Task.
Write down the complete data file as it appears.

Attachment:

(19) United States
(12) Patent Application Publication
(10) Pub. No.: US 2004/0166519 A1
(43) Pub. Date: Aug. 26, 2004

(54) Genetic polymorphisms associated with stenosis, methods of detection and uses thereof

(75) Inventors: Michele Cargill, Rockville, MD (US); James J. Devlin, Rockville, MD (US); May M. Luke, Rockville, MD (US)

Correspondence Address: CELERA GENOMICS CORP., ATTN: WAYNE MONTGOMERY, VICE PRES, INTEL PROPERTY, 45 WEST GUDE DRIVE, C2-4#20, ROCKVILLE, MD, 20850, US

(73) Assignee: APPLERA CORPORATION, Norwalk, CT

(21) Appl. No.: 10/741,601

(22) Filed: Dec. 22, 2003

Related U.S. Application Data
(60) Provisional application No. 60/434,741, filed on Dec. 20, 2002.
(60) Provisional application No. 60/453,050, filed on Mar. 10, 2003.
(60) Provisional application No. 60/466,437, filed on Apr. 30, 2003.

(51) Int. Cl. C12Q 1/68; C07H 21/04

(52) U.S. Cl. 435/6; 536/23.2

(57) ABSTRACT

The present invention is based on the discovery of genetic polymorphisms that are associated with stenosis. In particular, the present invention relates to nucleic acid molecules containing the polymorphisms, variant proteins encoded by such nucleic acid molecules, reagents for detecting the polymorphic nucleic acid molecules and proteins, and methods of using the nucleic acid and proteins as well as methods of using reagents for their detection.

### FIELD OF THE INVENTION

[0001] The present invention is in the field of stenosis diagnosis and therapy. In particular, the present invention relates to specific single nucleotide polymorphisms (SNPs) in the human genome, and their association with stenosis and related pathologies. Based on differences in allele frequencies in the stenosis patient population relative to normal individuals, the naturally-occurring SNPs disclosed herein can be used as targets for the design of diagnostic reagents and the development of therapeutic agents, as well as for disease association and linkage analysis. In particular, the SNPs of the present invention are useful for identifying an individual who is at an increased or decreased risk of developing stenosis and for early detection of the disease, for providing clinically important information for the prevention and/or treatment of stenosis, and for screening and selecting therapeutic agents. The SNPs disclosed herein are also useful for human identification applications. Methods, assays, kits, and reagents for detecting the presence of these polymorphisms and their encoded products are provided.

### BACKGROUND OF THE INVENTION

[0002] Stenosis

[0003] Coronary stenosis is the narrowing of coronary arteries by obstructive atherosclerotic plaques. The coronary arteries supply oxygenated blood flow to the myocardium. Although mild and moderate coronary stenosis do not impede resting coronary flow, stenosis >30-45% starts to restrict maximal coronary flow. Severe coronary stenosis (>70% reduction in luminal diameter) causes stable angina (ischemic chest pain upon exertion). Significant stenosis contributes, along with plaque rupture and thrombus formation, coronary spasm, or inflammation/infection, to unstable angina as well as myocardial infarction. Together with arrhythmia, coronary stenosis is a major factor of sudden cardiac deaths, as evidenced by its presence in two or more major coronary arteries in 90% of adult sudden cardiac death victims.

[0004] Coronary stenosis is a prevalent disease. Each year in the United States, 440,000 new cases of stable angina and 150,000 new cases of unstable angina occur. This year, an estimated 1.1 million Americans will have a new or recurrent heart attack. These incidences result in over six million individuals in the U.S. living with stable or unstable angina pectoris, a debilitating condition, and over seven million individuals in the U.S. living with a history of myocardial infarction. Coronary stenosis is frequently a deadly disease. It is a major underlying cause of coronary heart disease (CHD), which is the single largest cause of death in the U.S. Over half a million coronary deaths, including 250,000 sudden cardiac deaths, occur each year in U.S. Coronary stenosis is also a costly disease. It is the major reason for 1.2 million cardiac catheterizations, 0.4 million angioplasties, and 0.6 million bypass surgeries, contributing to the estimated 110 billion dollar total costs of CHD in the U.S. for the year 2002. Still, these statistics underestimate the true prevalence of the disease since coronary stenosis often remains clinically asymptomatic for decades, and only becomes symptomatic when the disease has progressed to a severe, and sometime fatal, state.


(19) United States
(12) Patent Application Publication
(10) Pub. No.: US 2004/0166519 A1
(43) Pub. Date: Aug. 26, 2004

(54) Genetic polymorphisms associated with stenosis, methods of detection and uses thereof

(75) Inventors: Michele Cargill, Rockville, MD (US); James J. Devlin, Rockville, MD (US); May M. Luke, Rockville, MD (US)

Correspondence Address: CELERA GENOMICS CORP., ATTN: WAYNE MONTGOMERY, VICE PRES, INTEL PROPERTY, 45 WEST GUDE DRIVE, C2-4#20, ROCKVILLE, MD, 20850, US

(73) Assignee: APPLERA CORPORATION, Norwalk, CT

(21) Appl. No.: 10/741,601

(22) Filed: Dec. 22, 2003

Related U.S. Application Data
(60) Provisional application No. 60/434,741, filed on Dec. 20, 2002.
(60) Provisional application No. 60/453,050, filed on Mar. 10, 2003.
(60) Provisional application No. 60/466,437, filed on Apr. 30, 2003.

(51) Int. Cl. C12Q 1/68; C07H 21/04

(52) U.S. Cl. 435/6; 536/23.2

(57) ABSTRACT

The present invention is based on the discovery of genetic polymorphisms that are associated with stenosis. In particular, the present invention relates to nucleic acid molecules containing the polymorphisms, variant proteins encoded by such nucleic acid molecules, reagents for detecting the polymorphic nucleic acid molecules and proteins, and methods of using the nucleic acid and proteins as well as methods of using reagents for their detection.

### FIELD OF THE INVENTION

[0001] The present invention is in the field of stenosis diagnosis and therapy. In particular, the present invention relates to specific single nucleotide polymorphisms (SNPs) in the human genome, and their association with stenosis and related pathologies. Based on differences in allele frequencies in the stenosis patient population relative to normal individuals, the naturally-occurring SNPs disclosed herein can be used as targets for the design of diagnostic reagents and the development of therapeutic agents, as well as for disease association and linkage analysis. In particular, the SNPs of the present invention are useful for identifying an individual who is at an increased or decreased risk of developing stenosis and for early detection of the disease, for providing clinically important information for the prevention and/or treatment of stenosis, and for screening and selecting therapeutic agents. The SNPs disclosed herein are also useful for human identification applications. Methods, assays, kits, and reagents for detecting the presence of these polymorphisms and their encoded products are provided.

### BACKGROUND OF THE INVENTION

[0002] Stenosis

[0003] Coronary stenosis is the narrowing of coronary arteries by obstructive atherosclerotic plaques. The coronary arteries supply oxygenated blood flow to the myocardium. Although mild and moderate coronary stenosis do not impede resting coronary flow, stenosis >30-45% starts to restrict maximal coronary flow. Severe coronary stenosis (>70% reduction in luminal diameter) causes stable angina (ischemic chest pain upon exertion). Significant stenosis contributes, along with plaque rupture and thrombus formation, coronary spasm, or inflammation/infection, to unstable angina as well as myocardial infarction. Together with arrhythmia, coronary stenosis is a major factor of sudden cardiac deaths, as evidenced by its presence in two or more major coronary arteries in 90% of adult sudden cardiac death victims.

[0004] Coronary stenosis is a prevalent disease. Each year in the United States, 440,000 new cases of stable angina and 150,000 new cases of unstable angina occur. This year, an estimated 1.1 million Americans will have a new or recurrent heart attack. These incidences result in over six million individuals in the U.S. living with stable or unstable angina pectoris, a debilitating condition, and over seven million individuals in the U.S. living with a history of myocardial infarction. Coronary stenosis is frequently a deadly disease. It is a major underlying cause of coronary heart disease (CHD), which is the single largest cause of death in the U.S. Over half a million coronary deaths, including 250,000 sudden cardiac deaths, occur each year in U.S. Coronary stenosis is also a costly disease. It is the major reason for 1.2 million cardiac catheterizations, 0.4 million angioplasties, and 0.6 million bypass surgeries, contributing to the estimated 110 billion dollar total costs of CHD in the U.S. for the year 2002. Still, these statistics underestimate the true prevalence of the disease since coronary stenosis often remains clinically asymptomatic for decades, and only becomes symptomatic when the disease has progressed to a severe, and sometime fatal, state.